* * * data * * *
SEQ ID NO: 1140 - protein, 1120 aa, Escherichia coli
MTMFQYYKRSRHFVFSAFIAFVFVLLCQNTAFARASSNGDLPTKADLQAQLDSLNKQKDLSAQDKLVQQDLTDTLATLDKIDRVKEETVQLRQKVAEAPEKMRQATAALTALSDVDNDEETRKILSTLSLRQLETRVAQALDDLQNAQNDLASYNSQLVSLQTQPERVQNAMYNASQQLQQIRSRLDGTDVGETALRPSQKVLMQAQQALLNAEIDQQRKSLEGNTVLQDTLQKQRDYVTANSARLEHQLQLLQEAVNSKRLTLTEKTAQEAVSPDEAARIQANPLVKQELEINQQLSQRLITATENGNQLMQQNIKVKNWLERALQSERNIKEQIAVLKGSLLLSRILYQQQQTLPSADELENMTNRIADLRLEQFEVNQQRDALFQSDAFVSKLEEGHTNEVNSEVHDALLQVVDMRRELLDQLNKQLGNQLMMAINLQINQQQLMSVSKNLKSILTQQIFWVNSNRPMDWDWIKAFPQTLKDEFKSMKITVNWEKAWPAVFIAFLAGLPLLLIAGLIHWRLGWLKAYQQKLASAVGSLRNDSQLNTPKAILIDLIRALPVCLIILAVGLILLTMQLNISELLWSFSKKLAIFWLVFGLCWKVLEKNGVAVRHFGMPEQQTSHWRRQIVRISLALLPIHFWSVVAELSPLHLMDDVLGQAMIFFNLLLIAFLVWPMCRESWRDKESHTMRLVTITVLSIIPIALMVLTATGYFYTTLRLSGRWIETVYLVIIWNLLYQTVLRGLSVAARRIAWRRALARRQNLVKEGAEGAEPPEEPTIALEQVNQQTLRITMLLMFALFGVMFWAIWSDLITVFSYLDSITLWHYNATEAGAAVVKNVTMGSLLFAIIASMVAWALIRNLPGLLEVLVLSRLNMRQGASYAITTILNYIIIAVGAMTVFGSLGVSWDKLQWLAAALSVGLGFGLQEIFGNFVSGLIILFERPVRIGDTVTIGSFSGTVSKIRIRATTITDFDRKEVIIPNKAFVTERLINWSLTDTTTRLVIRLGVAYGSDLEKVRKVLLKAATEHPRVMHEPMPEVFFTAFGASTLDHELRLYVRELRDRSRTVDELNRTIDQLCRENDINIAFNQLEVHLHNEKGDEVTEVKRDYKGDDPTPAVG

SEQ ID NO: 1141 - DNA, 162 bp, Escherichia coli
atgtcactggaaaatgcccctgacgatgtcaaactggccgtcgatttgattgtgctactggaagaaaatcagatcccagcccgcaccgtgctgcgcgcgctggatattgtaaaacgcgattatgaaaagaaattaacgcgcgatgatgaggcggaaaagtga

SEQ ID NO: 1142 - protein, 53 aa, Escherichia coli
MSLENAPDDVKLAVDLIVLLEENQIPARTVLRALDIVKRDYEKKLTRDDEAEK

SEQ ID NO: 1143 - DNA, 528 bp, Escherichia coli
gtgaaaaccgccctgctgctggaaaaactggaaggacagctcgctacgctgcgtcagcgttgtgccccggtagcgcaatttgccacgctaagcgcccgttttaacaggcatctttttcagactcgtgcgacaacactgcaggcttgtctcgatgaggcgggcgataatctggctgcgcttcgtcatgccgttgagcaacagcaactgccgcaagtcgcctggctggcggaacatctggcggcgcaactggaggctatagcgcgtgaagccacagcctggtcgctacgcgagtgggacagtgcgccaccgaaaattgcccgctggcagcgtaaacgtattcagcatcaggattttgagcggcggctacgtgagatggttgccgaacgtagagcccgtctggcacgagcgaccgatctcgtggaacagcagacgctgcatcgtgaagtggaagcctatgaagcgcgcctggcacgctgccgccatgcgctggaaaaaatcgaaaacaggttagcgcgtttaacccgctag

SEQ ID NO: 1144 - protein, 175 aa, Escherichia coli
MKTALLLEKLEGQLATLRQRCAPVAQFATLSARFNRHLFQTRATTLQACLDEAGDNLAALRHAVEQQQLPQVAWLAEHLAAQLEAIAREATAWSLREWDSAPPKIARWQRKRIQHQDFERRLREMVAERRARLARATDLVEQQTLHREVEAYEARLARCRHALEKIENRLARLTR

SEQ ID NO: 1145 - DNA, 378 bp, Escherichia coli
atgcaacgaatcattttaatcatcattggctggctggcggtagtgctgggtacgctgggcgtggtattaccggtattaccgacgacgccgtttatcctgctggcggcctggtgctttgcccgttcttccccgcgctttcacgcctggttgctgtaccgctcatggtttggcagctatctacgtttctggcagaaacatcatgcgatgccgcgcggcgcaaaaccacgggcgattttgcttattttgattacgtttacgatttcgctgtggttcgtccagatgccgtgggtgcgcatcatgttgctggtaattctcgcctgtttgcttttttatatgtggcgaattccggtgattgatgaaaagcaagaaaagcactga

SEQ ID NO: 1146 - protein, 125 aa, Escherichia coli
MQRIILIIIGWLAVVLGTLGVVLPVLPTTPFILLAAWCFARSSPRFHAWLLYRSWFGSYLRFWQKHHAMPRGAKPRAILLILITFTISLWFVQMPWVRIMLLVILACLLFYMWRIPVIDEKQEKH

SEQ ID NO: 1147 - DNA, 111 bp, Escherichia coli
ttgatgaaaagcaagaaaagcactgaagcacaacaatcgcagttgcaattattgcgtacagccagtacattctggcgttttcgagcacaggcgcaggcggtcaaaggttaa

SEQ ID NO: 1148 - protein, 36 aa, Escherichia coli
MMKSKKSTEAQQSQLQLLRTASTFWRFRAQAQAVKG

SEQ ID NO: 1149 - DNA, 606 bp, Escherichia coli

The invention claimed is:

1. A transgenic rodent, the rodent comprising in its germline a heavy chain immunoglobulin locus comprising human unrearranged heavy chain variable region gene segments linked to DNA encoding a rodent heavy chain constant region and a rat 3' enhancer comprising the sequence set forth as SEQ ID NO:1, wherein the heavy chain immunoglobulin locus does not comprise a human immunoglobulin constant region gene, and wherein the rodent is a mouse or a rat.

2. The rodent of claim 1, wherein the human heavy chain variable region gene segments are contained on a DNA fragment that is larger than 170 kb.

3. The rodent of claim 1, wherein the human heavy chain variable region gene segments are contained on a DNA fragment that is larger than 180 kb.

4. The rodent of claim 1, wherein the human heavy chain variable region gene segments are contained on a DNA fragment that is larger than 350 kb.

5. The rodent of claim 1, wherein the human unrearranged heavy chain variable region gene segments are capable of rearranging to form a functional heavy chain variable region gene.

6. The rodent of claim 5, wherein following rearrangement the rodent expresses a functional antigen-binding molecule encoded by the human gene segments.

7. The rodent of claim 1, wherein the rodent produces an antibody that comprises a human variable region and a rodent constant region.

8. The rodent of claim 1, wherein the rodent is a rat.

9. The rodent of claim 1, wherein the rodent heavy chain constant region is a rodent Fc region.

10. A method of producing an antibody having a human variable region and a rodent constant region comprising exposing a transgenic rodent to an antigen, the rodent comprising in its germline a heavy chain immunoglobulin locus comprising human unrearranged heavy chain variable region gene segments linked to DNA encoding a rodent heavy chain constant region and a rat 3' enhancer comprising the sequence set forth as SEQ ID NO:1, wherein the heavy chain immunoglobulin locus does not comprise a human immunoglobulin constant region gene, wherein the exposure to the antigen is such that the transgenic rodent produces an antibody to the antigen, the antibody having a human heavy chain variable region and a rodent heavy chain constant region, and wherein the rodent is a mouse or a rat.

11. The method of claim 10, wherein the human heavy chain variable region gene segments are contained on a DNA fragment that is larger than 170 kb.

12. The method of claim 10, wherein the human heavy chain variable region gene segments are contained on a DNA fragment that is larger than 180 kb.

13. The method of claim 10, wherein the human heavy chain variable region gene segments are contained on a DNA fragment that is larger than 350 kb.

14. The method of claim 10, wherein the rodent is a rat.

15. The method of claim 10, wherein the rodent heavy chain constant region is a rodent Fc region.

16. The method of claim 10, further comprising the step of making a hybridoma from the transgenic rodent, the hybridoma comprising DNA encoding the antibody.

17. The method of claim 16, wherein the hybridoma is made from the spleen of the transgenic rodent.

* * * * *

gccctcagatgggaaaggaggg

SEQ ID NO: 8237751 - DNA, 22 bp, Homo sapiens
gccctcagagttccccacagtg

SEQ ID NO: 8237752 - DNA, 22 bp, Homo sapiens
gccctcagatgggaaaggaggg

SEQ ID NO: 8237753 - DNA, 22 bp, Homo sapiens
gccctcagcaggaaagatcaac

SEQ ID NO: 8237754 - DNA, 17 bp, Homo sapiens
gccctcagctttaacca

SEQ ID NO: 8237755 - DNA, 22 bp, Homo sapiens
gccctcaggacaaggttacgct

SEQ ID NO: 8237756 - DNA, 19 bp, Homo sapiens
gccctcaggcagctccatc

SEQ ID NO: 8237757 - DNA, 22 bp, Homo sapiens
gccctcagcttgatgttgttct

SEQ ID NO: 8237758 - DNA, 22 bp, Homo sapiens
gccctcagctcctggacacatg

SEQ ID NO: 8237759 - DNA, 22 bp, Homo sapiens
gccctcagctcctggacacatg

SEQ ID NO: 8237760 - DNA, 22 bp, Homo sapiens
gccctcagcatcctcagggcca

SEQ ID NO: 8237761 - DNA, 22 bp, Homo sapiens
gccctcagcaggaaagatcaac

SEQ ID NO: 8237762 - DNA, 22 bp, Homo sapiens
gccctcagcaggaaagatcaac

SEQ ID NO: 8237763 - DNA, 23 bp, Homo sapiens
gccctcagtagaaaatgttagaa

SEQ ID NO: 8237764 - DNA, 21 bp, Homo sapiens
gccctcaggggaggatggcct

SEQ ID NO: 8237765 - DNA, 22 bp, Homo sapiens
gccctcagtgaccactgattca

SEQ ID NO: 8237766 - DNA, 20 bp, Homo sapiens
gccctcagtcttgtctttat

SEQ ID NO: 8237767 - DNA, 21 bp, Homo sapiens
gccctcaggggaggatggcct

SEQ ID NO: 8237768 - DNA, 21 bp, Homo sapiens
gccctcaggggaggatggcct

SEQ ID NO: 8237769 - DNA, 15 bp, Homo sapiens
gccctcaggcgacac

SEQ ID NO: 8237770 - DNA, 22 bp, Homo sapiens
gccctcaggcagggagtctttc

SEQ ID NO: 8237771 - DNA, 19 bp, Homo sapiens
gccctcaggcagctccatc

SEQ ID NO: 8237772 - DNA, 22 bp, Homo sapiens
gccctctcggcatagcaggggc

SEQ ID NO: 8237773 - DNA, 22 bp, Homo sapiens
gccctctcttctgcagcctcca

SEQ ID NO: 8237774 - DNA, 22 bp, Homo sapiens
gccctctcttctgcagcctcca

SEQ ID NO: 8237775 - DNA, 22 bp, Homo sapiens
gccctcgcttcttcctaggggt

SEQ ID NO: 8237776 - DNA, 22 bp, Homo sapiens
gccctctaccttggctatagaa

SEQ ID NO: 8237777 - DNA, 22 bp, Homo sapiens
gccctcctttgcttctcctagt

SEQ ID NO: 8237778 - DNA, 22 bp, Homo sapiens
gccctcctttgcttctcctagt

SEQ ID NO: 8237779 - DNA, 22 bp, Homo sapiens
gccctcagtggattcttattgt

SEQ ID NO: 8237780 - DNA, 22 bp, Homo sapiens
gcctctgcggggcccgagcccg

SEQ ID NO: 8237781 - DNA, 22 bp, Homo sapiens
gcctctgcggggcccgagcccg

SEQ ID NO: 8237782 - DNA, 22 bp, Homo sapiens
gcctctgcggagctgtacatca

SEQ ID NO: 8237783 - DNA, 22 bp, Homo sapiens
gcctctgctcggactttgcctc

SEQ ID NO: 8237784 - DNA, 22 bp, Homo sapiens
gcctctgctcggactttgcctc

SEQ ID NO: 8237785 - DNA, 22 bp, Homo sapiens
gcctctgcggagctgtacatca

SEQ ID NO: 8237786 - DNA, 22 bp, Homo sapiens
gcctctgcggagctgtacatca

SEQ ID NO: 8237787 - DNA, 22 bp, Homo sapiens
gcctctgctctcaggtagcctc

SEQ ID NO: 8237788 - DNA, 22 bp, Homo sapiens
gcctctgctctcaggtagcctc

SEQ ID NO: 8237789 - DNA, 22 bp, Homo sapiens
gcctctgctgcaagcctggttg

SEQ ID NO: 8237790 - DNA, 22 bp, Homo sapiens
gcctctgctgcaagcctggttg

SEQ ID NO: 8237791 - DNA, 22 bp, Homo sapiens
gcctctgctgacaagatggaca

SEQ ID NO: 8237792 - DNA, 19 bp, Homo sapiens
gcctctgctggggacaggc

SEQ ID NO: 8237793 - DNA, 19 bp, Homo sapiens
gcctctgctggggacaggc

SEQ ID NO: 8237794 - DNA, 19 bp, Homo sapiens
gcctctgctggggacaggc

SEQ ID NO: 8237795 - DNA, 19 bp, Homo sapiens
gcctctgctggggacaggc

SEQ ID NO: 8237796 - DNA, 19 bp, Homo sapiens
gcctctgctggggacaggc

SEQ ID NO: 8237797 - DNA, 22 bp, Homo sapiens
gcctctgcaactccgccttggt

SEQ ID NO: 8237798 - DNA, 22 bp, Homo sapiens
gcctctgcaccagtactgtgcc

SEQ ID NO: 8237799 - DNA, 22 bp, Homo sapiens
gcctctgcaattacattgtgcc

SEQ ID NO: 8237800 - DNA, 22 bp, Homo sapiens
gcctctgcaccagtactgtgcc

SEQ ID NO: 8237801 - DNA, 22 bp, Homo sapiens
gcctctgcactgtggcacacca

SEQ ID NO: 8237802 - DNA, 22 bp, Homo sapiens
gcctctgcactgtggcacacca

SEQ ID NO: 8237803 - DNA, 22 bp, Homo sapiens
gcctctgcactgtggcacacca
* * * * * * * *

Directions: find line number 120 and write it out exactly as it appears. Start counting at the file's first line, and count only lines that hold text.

SEQ ID NO: 8237791 - DNA, 22 bp, Homo sapiens